Please report citation or reference errors to , or , if you are the registered author of the cited work, log in to your RePEc Author Service profile, click on "citations" and make appropriate adjustments.:
    as in new window
    1. Claudia Goldin, 1990. "Understanding the Gender Gap: An Economic History of American Women," NBER Books, National Bureau of Economic Research, Inc, National Bureau of Economic Research, Inc, number gold90-1.
    2. Darius Lakdawalla, 2001. "The Declining Quality of Teachers," NBER Working Papers 8263, National Bureau of Economic Research, Inc.
    3. Susanna Loeb & Marianne E. Page, 2000. "Examining The Link Between Teacher Wages And Student Outcomes: The Importance Of Alternative Labor Market Opportunities And Non-Pecuniary Variation," The Review of Economics and Statistics, MIT Press, vol. 82(3), pages 393-408, August.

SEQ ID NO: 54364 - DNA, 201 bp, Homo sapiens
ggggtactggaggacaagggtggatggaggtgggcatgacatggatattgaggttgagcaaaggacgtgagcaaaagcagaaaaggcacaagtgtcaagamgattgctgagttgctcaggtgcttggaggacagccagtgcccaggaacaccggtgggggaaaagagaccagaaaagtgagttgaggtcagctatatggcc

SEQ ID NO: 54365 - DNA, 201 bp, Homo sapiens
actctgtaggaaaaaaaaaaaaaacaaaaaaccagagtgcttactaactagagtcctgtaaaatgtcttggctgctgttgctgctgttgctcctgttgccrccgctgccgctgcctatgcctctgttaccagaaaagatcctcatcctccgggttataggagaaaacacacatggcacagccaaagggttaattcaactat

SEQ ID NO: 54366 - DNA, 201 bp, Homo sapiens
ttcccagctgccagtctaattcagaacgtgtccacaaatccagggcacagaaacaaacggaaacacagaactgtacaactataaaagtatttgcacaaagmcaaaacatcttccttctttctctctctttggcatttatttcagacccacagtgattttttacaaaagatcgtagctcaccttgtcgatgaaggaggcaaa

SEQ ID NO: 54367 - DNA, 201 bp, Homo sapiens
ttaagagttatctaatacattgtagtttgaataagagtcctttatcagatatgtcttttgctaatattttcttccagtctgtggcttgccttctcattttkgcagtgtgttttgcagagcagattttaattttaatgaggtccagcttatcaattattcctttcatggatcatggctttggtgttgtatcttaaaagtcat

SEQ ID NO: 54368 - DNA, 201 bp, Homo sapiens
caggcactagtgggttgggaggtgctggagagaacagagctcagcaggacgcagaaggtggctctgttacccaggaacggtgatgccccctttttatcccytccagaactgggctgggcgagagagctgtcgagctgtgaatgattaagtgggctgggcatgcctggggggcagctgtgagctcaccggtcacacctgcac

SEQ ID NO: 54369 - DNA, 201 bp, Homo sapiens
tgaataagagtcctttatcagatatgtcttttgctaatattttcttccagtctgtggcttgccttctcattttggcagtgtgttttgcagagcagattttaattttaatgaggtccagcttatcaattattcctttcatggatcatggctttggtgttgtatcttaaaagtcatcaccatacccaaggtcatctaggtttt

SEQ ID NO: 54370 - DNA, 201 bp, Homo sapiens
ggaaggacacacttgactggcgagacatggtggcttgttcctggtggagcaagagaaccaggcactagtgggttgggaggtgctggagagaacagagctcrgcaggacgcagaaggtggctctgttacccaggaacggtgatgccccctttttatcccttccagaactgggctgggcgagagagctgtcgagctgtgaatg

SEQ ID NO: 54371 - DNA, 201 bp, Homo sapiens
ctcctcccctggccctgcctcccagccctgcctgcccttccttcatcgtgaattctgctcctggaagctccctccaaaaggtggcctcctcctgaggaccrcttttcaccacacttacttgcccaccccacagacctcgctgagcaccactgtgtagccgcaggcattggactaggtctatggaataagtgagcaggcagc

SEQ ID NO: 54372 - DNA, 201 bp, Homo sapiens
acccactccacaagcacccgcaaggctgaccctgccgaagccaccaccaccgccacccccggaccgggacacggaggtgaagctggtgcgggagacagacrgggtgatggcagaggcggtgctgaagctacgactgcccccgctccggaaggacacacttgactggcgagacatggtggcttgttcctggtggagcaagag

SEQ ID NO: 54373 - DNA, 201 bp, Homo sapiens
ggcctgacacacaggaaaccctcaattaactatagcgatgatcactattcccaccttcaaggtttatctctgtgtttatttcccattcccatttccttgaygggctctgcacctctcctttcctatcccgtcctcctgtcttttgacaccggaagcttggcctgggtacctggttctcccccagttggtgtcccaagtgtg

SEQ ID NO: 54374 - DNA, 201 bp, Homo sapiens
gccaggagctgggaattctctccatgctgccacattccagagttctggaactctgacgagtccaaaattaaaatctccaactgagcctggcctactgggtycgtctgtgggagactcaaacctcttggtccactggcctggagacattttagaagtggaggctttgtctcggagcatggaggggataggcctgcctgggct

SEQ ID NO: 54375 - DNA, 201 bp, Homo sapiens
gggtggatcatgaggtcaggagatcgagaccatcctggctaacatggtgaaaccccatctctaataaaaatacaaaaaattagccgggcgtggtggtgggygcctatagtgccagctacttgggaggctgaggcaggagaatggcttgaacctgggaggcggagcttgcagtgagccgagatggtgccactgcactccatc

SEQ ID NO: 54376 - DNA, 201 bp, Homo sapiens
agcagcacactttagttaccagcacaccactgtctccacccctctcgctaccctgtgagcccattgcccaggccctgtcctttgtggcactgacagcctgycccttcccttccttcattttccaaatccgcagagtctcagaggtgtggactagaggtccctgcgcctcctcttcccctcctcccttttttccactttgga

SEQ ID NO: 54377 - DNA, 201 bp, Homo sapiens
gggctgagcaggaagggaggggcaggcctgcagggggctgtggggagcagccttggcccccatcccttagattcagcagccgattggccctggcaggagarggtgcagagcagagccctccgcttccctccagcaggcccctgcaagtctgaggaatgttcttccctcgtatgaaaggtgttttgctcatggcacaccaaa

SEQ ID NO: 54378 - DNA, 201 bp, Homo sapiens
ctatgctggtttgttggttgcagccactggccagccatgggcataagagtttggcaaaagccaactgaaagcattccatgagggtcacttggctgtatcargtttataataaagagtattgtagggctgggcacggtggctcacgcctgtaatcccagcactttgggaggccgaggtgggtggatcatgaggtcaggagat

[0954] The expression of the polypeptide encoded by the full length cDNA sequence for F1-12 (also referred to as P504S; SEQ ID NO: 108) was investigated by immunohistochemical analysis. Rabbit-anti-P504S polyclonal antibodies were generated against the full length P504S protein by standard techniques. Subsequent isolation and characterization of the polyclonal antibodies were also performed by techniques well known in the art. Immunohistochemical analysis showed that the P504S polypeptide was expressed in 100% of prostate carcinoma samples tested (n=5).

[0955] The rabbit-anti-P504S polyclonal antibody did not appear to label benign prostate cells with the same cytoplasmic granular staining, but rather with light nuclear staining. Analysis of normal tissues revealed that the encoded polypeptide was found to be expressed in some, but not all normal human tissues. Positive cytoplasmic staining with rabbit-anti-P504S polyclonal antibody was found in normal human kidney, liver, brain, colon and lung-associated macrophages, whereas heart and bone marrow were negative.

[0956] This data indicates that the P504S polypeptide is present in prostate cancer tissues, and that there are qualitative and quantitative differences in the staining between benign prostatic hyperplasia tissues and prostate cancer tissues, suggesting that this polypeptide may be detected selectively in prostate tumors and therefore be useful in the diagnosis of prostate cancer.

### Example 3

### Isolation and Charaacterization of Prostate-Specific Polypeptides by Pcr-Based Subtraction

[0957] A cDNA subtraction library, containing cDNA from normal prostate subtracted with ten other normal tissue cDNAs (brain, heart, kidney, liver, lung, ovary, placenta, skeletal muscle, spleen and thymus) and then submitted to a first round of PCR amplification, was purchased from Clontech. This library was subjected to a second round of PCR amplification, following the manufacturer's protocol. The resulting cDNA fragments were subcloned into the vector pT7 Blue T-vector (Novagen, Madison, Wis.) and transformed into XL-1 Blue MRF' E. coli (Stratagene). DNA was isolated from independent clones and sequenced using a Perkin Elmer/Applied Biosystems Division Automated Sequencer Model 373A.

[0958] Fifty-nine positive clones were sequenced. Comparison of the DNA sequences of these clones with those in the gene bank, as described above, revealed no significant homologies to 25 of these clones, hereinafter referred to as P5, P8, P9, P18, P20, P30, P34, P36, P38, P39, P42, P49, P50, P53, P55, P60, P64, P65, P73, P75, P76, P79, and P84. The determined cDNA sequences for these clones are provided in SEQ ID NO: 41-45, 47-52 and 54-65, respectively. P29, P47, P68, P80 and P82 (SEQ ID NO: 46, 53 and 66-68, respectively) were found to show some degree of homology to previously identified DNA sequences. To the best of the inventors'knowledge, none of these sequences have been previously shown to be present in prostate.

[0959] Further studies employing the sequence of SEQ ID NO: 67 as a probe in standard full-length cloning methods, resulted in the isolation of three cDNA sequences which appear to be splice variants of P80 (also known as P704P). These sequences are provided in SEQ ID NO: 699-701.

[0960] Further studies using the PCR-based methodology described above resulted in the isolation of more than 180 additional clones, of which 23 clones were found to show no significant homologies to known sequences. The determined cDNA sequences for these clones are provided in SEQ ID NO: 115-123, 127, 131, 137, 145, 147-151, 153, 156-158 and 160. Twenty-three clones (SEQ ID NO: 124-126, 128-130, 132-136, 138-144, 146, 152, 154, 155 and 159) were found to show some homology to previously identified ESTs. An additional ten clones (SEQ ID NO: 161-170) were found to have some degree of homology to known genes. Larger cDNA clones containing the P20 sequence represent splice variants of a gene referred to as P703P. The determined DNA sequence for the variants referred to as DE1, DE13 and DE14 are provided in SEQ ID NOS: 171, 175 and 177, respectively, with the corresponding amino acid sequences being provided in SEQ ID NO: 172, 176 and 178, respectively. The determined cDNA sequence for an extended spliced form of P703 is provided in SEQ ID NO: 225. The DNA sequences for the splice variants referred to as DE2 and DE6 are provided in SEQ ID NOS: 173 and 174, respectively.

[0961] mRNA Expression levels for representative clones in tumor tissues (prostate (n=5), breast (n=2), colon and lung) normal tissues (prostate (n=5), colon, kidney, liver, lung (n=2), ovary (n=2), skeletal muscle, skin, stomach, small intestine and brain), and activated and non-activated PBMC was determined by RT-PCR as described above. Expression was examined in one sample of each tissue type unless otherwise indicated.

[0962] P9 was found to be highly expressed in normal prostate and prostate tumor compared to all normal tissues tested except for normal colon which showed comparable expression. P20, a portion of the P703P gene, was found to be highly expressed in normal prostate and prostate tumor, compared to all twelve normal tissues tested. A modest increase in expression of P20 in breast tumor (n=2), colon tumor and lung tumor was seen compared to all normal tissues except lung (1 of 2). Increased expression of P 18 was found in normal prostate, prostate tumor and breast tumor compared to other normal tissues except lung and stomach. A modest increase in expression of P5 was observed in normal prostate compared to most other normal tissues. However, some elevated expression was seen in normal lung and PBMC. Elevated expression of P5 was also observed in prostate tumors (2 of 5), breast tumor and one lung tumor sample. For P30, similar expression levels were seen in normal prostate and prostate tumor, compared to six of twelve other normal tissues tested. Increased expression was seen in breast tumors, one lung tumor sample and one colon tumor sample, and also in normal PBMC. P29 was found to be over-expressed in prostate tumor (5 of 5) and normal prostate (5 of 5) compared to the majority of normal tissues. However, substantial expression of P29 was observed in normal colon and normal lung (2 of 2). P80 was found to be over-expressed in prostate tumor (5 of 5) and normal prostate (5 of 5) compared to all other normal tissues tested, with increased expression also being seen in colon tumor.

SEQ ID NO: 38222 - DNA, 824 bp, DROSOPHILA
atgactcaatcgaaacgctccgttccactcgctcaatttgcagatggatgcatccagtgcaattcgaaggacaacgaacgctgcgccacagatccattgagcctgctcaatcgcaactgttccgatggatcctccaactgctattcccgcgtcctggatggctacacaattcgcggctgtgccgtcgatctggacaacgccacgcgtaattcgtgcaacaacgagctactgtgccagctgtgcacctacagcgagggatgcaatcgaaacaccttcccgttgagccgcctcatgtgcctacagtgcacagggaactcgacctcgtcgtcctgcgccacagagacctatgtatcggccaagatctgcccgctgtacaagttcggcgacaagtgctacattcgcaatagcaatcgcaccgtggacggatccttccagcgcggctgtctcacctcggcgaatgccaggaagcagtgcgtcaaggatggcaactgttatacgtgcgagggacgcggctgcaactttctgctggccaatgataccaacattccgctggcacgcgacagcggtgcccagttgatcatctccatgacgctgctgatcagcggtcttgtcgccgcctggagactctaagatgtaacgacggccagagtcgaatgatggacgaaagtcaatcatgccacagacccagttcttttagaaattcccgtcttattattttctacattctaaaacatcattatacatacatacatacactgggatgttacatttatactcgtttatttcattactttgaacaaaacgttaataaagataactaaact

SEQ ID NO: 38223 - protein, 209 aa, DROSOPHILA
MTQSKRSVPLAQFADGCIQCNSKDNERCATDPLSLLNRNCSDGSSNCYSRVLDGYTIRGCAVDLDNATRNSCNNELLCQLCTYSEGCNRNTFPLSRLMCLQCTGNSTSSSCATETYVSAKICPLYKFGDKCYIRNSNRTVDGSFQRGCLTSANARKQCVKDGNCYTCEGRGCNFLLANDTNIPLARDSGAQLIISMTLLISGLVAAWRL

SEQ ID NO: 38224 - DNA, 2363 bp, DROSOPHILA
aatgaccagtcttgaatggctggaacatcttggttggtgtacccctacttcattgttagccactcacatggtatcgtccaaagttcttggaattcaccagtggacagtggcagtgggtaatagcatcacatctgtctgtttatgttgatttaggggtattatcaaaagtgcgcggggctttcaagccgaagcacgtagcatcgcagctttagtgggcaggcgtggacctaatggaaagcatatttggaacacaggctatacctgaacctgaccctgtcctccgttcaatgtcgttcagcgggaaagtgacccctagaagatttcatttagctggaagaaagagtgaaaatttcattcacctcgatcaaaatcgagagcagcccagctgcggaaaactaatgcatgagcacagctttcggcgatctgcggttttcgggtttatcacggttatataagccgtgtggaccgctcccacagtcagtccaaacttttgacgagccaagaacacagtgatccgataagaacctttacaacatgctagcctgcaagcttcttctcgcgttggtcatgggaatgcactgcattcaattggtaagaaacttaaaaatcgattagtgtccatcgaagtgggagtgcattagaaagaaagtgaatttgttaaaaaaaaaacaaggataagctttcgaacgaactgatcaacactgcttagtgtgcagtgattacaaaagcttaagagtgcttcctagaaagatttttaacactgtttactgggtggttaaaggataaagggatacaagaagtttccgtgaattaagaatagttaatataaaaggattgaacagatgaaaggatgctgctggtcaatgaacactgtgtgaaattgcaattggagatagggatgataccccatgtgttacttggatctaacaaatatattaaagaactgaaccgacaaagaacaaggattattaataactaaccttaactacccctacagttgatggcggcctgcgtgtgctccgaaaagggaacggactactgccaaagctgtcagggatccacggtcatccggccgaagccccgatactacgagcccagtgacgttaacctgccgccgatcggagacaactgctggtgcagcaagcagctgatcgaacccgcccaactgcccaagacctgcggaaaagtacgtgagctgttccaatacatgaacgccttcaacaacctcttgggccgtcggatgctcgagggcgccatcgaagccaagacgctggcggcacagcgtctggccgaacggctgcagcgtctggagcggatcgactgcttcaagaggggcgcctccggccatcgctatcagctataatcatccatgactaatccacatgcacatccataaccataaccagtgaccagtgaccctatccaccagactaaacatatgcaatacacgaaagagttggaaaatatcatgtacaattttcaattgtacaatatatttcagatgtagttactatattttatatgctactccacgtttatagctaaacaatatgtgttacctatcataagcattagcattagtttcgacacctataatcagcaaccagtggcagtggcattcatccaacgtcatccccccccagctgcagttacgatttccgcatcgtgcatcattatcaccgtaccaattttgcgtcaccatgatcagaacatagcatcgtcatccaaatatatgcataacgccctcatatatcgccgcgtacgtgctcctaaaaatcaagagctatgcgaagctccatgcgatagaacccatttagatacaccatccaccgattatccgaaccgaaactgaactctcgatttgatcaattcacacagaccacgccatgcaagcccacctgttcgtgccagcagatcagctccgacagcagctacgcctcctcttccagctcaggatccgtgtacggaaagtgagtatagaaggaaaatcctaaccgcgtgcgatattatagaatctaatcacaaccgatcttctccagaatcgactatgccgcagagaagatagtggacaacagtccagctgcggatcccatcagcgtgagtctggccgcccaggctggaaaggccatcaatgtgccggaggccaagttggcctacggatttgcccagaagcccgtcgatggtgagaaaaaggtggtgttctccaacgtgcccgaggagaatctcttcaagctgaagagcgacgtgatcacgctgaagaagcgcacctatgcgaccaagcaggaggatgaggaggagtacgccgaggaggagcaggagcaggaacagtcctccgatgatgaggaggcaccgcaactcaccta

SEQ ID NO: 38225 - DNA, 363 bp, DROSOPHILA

4. Thomas J. Kane & Douglas O. Staiger, 2001. "Improving School Accountability Measures," NBER Working Papers 8156, National Bureau of Economic Research, Inc.
    Full references (including those not matched with items on IDEAS)

    Citations

    Citations are extracted by the CitEc Project, subscribe to its RSS feed for this item.
    as in new window

    Cited by:
    1. Yolanda K. Kodrzycki, 2002. "Educational attainment as a constraint on economic growth and social progress," Conference Series ; [Proceedings], Federal Reserve Bank of Boston, Federal Reserve Bank of Boston, vol. 47(Jun), pages 37-95.
    2. Sean P. Corcoran & William N. Evans & Robert S. Schwab, 2002. "Changing Labor Market Opportunities for Women and the Quality of Teachers 1957-1992," NBER Working Papers 9180, National Bureau of Economic Research, Inc.
    3. Kaoru Nabeshima, 2003. "Raising the quality of secondary education in East Asia," Policy Research Working Paper Series 3140, The World Bank.
    4. Eric Bettinger & Bridget Terry Long, 2004. "Do College Instructors Matter? The Effects of Adjuncts and Graduate Assistants on Students' Interests and Success," NBER Working Papers 10370, National Bureau of Economic Research, Inc.